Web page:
Michael Prince's fascination with a famous movie character spawned the script for Gaslight Melodrama's new production, which opens Friday.
"I've always been a fan of the James Bond film franchise," Prince said. "So this was especially fun getting to pay tribute to those movies."
It's called "From Pismo with Love," and the subtitle is "A James Blonde Adventure."
This is the first time Prince has written a parody of the series, made famous initially by Sean Connery.
Instead of giving the play an international setting, however, he's sticking to a region familiar to many local vacationers.
"It is set solely in Pismo, which, let's face it, is basically Bakersfield by the sea," Prince said.
Shawn Rader plays the lead character, James Blonde, a surfing legend by day who becomes a super spy when the sun goes down. In true melodrama fashion, the villain is an evil billionaire named Allibaster Blowfish, who is determined to destroy Pismo Beach and its many attractions.
"From the dunes to the beaches to the beloved Splash Cafe, James will stop at nothing to make sure Pismo will live on forever," says Prince in his synopsis of the show.
Blowfish's secret weapons are two characters called Domino Fillindeblank and Honey DuMelon. I have an idea this will be a popular show, which leads me to wonder if Prince will repeat the Blonde character for the next season as he did with "Zorro Strikes Back," his most recent show at Gaslight. Performances of "From Pismo with Love" can be seen at Gaslight through June 28.
Ordinary objects take on an unexpected nature in the hands of local artist Vikki Cruz. For example, some might look at her painting of an empty banana peel lying on a kitchen counter and get a sense that it's been cast off, no longer of use. But to me it exudes a warm, earthy appeal emphasized by the subtle curves of the peeled skin and the artist's mellow blending of several shades of yellow and a soft brownish-black.
Her exhibit of new work will open with a reception on Monday evening at Valentien. Titled "Remnants of Home," the display features 15 pieces.
"The work depicts everyday interior objects, mostly chairs I own or have been attracted to based on their form and design," Cruz said in an email message.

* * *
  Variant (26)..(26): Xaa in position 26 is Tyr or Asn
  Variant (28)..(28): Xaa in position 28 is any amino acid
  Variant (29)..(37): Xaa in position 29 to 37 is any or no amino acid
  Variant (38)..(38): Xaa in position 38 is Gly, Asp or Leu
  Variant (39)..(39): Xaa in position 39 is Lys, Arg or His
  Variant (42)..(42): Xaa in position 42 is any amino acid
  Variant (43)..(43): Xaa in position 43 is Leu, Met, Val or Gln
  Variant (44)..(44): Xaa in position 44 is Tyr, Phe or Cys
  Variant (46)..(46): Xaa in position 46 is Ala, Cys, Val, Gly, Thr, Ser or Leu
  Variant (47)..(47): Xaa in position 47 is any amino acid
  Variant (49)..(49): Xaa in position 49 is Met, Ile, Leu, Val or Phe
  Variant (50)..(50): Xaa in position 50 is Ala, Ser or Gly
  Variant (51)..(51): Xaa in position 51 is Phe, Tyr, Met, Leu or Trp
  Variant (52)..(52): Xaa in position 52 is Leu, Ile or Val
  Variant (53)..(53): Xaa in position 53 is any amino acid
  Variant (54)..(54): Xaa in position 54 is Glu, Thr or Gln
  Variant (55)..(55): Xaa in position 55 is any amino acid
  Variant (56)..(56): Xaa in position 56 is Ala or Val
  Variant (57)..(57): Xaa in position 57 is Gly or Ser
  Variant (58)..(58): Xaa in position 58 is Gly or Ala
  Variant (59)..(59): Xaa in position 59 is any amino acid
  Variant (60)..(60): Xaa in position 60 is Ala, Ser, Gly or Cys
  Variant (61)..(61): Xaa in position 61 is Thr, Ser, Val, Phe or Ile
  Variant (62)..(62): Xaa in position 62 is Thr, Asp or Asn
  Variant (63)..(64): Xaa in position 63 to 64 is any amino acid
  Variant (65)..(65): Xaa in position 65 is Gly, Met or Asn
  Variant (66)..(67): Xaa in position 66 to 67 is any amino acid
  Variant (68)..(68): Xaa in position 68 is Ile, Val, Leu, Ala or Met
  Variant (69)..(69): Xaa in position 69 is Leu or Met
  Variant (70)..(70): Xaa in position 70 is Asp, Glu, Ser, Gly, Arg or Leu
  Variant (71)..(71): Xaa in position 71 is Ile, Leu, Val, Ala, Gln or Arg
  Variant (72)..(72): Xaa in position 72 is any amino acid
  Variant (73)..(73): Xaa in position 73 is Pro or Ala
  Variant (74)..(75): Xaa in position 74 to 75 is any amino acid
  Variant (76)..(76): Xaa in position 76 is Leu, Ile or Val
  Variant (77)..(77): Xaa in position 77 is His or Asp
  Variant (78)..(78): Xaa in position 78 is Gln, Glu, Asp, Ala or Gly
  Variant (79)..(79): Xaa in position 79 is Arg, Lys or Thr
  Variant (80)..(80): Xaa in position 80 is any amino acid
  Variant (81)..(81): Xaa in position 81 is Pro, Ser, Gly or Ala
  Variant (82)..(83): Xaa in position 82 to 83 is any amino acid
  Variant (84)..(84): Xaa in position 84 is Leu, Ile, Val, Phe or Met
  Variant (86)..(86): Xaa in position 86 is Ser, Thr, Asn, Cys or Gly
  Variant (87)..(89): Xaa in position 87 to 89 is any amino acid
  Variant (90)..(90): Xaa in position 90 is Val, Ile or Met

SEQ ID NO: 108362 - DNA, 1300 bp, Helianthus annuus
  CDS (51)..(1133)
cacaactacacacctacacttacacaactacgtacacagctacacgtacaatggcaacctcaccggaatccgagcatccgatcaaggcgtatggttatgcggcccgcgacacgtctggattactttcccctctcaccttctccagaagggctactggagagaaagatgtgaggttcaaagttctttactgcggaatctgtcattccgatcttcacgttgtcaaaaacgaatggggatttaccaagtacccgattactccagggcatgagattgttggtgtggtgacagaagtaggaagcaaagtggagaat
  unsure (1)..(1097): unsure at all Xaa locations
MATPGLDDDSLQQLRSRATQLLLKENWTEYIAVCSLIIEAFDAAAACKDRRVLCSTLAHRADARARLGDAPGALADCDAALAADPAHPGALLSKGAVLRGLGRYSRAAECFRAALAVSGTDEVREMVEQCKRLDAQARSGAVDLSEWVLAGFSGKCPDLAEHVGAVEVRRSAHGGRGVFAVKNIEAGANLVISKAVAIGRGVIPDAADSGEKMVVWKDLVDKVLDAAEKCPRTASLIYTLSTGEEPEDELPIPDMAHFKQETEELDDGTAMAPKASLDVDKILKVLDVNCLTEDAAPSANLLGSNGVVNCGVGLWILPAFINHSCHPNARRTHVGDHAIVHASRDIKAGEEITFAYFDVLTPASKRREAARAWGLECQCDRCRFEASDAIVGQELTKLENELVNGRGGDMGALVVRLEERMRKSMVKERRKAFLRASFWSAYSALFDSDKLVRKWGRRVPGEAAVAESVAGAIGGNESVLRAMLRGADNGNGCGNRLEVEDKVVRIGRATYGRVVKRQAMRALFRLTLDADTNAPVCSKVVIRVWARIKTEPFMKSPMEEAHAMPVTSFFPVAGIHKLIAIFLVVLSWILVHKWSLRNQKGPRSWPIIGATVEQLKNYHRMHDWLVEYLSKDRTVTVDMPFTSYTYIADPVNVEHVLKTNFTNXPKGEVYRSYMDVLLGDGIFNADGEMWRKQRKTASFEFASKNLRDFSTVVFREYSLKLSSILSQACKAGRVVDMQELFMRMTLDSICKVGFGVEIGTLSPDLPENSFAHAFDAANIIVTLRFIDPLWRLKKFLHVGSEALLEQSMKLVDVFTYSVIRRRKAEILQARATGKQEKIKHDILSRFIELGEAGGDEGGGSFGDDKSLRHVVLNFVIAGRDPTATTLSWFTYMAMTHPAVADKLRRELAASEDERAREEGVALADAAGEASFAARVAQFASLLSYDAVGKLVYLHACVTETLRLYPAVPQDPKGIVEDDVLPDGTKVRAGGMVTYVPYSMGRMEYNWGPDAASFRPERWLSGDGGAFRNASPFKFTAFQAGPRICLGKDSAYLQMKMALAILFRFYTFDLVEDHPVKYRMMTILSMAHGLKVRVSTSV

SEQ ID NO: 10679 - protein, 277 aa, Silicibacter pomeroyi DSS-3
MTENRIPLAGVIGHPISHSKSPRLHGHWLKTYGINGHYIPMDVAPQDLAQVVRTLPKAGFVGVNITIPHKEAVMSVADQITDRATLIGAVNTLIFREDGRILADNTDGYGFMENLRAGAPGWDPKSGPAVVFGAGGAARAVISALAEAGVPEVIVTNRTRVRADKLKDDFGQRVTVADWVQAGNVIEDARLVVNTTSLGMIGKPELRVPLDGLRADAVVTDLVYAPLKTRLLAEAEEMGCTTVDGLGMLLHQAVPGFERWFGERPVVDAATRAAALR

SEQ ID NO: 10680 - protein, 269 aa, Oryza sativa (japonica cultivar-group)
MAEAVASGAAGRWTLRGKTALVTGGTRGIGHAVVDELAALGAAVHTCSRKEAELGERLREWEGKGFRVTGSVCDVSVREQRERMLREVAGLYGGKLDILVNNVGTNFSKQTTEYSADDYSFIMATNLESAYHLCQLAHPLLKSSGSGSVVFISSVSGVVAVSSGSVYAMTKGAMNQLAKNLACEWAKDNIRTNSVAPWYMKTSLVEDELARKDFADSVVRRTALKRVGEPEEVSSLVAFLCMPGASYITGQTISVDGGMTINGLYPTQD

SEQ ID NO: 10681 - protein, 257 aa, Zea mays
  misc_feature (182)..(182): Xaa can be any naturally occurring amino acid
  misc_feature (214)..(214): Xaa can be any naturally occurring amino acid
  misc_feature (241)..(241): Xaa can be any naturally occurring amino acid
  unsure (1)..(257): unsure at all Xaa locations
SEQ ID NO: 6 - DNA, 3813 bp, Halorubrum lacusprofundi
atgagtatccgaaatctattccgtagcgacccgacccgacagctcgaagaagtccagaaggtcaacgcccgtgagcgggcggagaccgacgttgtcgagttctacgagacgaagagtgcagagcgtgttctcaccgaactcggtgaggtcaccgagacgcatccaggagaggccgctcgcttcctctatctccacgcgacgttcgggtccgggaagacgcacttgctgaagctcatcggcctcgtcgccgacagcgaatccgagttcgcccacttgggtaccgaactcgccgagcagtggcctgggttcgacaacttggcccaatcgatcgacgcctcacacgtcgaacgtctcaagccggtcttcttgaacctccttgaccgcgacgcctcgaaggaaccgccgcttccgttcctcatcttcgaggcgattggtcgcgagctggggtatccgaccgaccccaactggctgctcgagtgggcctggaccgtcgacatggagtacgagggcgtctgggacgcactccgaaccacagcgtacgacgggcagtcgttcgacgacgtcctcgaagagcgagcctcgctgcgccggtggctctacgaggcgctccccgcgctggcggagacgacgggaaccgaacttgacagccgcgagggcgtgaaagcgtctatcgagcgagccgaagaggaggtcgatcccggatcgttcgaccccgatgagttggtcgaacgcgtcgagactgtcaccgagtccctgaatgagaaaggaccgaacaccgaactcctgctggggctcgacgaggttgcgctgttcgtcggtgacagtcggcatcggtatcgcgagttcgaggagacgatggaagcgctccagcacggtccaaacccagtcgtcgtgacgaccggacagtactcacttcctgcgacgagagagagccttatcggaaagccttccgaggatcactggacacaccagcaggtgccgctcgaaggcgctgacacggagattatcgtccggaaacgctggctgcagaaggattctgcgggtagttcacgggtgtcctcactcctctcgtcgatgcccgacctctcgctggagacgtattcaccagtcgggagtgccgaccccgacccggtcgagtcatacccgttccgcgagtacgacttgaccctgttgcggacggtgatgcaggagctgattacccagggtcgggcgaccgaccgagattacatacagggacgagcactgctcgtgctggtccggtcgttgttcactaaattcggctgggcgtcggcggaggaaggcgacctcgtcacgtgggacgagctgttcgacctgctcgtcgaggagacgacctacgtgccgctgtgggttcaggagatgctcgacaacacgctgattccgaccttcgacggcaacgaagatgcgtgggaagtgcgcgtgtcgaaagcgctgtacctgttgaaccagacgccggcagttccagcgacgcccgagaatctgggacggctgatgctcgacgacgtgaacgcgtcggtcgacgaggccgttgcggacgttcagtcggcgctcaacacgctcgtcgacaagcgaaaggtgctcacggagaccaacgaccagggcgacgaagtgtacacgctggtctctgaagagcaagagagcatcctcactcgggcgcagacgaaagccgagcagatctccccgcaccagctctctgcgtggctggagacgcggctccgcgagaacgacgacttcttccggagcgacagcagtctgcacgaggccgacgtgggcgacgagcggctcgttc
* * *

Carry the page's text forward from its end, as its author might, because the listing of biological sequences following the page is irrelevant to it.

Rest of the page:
"Most of the work is created using watercolor and casein on paper; however I will have a few still lifes in oil on canvas."
This is the second time the artist has had a solo show at Valentien. She will give a short introduction to her new work at 6 p.m. Music by Mauro Vizcarro will begin on the patio at the conclusion of the reception.
A Bakersfield native, Cruz attended Bakersfield College before transferring to UC Berkeley to study modern and contemporary art with an emphasis in painting. In 2004, she returned to her hometown and accepted a position with Bakersfield Museum of Art. In 2008, while still working part time for the art museum, she became co-owner of Surface Gallery, a contemporary art space dedicated to promoting the work of emerging and under-recognized artists.
The closing of Surface in 2010 led to a permanent position at the Bakersfield Museum of Art, where she is currently employed as chief curator. "Remnants of Home" will be on display at Valentien until July 6. Cruz plans to donate part of the proceeds from sales to the BMOA's ArtWorks program.
Cal State Bakersfield music professor Robert Provencio is enthusiastic about the pianist who will be guest artist at a recital on Wednesday at a local church.
"Charles Badami's upcoming recital will be thrilling, I'm sure," said Provencio. "The program will focus on works of Bach and Chopin and will benefit the music ministry of St. Philip the Apostle Church."
For the first half of his concert, Badami will perform J.S. Bach's "Partita in E minor," a suite made up of five movements. After an intermission, Etudes, Op. 25, which consists of 12 short pieces for piano, by Chopin.
Badami is currently an instructor of music and collaborative pianist at Northwest Missouri State University, where he works with student pianists, the university choirs, and vocal and instrumental studios, according to information provided by Provencio. He was featured twice this season as guest pianist for the St. Joseph (Missouri) Symphony Chamber Music Series, and is a frequent recitalist with violinist Rico McNeela.
A live simulcast of Rossini's "La Cenerentola" will be presented on Saturday morning at Edwards Cinema in The Marketplace. I have yet to attend one of these performances but several readers who have done so tell me the quality of the productions is excellent. A special feature is the backstage interviews with principals in the cast during the intermission.
Rossini, a 19th century Italian composer who also wrote "William Tell," based this opera on the fairy-tale character Cinderella. Running time for the Metropolitan Opera production is a little over three hours.